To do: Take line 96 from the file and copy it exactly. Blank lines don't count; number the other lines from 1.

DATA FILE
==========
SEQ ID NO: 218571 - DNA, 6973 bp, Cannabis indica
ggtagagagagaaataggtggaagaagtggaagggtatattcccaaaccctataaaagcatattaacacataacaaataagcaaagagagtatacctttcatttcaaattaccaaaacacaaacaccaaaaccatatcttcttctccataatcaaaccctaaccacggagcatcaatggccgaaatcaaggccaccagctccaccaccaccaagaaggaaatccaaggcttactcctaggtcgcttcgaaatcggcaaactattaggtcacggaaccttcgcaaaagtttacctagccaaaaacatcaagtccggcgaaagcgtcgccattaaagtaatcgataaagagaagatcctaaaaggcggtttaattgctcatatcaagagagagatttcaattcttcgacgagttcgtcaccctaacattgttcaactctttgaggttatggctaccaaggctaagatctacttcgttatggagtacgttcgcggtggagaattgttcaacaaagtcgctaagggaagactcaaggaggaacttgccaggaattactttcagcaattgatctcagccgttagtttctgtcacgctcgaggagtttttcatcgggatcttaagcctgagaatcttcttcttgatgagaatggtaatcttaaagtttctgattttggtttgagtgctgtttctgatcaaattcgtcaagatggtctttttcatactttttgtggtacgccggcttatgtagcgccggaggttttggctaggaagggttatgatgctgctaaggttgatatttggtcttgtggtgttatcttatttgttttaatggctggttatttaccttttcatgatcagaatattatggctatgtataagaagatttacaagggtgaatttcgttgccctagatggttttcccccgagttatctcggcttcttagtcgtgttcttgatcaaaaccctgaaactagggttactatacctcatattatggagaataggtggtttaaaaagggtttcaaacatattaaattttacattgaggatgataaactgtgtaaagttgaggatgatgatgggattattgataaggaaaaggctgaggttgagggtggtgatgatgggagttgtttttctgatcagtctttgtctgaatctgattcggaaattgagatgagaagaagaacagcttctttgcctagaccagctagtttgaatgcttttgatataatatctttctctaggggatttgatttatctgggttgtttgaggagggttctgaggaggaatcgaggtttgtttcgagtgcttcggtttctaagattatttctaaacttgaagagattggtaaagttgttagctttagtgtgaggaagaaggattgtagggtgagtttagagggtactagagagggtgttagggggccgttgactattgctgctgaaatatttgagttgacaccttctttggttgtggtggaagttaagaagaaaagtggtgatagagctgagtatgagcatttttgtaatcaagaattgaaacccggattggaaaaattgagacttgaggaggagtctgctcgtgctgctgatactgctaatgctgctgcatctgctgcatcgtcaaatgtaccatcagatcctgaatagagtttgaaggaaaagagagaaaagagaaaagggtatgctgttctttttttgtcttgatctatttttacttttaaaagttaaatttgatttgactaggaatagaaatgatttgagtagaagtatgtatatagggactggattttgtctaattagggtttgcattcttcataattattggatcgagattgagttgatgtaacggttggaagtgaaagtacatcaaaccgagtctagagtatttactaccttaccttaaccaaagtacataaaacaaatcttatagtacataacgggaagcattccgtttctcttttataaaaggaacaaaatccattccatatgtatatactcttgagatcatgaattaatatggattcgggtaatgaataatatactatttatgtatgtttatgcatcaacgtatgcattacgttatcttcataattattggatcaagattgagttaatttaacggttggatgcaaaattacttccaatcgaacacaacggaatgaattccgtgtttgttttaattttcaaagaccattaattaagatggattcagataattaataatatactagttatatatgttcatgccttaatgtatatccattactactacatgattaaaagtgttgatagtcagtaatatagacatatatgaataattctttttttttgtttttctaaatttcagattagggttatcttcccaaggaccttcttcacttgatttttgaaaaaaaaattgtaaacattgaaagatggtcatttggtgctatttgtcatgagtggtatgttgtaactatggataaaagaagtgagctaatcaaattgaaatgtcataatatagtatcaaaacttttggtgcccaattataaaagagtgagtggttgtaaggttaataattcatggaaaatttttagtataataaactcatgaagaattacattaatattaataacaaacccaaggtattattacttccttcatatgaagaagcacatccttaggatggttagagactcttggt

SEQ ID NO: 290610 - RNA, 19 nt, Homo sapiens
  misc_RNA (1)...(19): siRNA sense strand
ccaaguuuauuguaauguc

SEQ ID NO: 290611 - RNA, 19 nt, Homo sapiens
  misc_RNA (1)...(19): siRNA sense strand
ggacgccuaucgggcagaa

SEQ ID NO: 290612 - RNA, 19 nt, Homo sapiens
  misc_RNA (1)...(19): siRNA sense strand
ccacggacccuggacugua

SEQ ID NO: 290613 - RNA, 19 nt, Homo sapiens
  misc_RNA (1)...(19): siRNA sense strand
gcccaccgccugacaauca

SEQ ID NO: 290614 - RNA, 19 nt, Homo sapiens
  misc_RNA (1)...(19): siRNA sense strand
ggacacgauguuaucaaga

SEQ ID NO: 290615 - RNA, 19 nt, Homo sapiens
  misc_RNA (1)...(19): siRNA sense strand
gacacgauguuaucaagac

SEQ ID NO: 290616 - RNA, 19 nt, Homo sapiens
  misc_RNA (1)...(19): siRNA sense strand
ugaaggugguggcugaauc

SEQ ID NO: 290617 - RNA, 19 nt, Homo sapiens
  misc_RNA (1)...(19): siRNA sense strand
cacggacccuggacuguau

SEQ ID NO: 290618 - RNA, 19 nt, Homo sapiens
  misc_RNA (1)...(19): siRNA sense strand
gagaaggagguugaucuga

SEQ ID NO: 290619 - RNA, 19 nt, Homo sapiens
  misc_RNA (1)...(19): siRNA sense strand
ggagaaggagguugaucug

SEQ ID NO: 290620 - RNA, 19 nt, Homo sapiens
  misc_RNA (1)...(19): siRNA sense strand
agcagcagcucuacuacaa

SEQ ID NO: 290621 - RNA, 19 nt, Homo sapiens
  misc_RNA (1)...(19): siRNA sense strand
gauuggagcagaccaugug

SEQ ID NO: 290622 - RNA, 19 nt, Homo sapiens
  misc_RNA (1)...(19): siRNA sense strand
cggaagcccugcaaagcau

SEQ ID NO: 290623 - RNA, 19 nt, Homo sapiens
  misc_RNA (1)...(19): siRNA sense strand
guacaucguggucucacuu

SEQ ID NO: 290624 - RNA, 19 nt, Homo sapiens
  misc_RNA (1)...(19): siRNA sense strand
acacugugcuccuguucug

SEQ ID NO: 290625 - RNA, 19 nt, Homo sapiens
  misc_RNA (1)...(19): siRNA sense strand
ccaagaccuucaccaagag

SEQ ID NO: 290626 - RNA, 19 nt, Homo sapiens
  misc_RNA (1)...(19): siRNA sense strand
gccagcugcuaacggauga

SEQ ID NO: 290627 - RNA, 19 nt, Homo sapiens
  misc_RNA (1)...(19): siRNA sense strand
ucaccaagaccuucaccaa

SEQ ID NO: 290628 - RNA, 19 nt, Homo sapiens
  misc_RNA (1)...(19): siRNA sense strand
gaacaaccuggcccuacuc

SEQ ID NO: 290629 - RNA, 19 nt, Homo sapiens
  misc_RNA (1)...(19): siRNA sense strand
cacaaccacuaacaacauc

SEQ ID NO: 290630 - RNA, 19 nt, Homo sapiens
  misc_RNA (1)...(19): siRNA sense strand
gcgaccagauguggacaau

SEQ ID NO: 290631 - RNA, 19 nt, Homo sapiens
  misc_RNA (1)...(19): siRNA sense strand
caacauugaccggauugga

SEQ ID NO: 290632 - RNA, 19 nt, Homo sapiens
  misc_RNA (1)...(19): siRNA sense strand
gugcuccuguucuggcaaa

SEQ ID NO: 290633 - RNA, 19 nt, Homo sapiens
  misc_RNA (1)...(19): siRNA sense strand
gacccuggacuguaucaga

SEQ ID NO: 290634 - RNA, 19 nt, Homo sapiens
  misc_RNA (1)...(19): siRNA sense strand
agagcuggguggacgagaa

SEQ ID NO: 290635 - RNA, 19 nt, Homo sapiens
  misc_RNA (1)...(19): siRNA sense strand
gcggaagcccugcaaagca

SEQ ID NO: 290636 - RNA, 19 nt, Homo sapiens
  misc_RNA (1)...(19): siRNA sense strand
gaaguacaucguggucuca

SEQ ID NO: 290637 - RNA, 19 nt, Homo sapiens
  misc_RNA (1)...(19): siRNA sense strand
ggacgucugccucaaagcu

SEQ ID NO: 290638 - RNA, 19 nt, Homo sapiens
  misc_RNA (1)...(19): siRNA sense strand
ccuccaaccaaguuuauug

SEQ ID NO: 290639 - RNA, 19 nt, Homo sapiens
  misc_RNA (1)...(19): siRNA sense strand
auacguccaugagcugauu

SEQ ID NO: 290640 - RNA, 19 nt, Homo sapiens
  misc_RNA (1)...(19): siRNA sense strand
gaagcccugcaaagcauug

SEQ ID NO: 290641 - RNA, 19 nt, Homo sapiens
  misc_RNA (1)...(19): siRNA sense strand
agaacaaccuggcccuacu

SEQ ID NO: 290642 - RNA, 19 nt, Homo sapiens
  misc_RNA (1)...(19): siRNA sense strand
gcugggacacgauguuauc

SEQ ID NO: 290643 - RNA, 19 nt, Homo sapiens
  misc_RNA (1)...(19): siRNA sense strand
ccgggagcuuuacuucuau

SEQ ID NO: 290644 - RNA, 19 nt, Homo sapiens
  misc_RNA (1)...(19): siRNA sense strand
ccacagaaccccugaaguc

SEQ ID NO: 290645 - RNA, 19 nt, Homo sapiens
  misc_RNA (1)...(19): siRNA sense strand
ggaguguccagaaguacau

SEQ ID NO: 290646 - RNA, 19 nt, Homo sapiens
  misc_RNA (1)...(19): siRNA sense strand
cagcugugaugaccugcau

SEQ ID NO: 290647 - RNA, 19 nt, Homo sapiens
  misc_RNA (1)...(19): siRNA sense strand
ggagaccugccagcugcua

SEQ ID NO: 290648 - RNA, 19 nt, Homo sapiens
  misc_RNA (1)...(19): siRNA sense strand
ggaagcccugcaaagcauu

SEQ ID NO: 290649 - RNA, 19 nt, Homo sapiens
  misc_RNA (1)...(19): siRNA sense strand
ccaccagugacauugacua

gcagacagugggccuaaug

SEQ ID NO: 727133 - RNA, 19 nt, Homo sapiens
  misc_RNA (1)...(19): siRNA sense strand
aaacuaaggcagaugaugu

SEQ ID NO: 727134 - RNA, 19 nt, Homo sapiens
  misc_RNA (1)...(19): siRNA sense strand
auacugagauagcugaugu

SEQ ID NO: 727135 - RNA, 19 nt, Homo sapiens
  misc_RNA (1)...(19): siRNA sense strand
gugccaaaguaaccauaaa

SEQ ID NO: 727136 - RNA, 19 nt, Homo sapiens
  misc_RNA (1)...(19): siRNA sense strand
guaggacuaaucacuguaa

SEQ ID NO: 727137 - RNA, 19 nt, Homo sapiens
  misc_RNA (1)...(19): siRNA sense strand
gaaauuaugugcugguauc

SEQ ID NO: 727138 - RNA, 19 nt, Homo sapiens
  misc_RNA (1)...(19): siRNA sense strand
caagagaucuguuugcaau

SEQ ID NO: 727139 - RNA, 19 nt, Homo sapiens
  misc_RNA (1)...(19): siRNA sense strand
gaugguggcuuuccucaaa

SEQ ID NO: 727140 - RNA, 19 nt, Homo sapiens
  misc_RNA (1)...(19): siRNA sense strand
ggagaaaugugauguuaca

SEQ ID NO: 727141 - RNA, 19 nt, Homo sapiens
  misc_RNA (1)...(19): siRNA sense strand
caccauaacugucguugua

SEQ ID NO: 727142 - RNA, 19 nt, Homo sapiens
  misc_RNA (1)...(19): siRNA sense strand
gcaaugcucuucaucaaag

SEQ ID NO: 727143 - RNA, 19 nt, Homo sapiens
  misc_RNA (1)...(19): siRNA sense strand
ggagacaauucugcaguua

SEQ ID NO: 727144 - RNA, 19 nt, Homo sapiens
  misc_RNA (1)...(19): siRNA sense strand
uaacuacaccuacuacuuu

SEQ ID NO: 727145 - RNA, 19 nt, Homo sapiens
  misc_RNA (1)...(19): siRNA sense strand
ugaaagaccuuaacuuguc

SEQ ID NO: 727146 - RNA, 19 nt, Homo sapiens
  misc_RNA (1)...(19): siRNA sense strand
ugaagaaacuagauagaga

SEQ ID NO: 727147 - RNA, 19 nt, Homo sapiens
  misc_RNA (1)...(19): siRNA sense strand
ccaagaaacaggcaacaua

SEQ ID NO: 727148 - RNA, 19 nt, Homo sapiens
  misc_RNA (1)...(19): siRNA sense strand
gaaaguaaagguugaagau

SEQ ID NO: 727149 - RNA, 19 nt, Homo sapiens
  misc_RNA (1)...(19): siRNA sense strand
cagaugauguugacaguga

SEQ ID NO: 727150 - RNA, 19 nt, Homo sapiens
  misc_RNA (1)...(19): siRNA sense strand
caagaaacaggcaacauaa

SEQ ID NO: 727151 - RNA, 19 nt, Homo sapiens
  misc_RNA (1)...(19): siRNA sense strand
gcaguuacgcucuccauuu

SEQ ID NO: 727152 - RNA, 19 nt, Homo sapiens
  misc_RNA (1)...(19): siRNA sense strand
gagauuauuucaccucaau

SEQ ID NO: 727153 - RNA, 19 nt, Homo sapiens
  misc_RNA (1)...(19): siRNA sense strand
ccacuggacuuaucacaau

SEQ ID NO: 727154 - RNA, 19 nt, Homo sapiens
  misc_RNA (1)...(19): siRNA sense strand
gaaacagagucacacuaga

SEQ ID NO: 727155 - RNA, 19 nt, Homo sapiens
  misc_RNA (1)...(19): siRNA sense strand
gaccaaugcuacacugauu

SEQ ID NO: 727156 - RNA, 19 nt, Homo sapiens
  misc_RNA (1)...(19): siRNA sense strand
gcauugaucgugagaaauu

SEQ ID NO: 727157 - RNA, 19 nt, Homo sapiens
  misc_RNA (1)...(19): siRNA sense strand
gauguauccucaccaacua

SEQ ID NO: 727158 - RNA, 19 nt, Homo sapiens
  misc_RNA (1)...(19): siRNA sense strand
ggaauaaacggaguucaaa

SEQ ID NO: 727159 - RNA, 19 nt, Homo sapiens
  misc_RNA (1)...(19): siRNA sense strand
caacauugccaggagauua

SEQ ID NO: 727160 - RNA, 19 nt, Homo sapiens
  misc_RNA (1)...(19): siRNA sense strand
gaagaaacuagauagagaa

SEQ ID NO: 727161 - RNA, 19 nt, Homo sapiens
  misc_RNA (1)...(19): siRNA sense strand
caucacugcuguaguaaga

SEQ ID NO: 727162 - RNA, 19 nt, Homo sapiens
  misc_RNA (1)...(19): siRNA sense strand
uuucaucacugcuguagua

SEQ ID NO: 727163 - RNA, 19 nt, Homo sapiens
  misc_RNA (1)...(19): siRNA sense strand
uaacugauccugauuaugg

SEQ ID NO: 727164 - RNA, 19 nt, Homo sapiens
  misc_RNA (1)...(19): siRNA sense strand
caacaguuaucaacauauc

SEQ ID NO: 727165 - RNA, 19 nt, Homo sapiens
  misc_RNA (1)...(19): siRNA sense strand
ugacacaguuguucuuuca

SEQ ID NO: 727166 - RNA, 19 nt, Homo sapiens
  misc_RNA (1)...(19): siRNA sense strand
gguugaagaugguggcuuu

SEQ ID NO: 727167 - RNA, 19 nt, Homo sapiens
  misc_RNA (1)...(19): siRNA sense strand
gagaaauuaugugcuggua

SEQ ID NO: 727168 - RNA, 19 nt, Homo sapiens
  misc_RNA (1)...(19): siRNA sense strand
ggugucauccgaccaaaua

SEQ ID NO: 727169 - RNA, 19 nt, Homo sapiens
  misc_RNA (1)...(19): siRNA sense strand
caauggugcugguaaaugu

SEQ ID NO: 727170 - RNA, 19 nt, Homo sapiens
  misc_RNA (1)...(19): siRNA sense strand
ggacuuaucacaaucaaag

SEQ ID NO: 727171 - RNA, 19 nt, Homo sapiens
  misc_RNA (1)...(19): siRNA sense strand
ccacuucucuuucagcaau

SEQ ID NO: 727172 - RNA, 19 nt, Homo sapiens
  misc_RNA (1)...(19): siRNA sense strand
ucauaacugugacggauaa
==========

SEQ ID NO: 290641 - RNA, 19 nt, Homo sapiens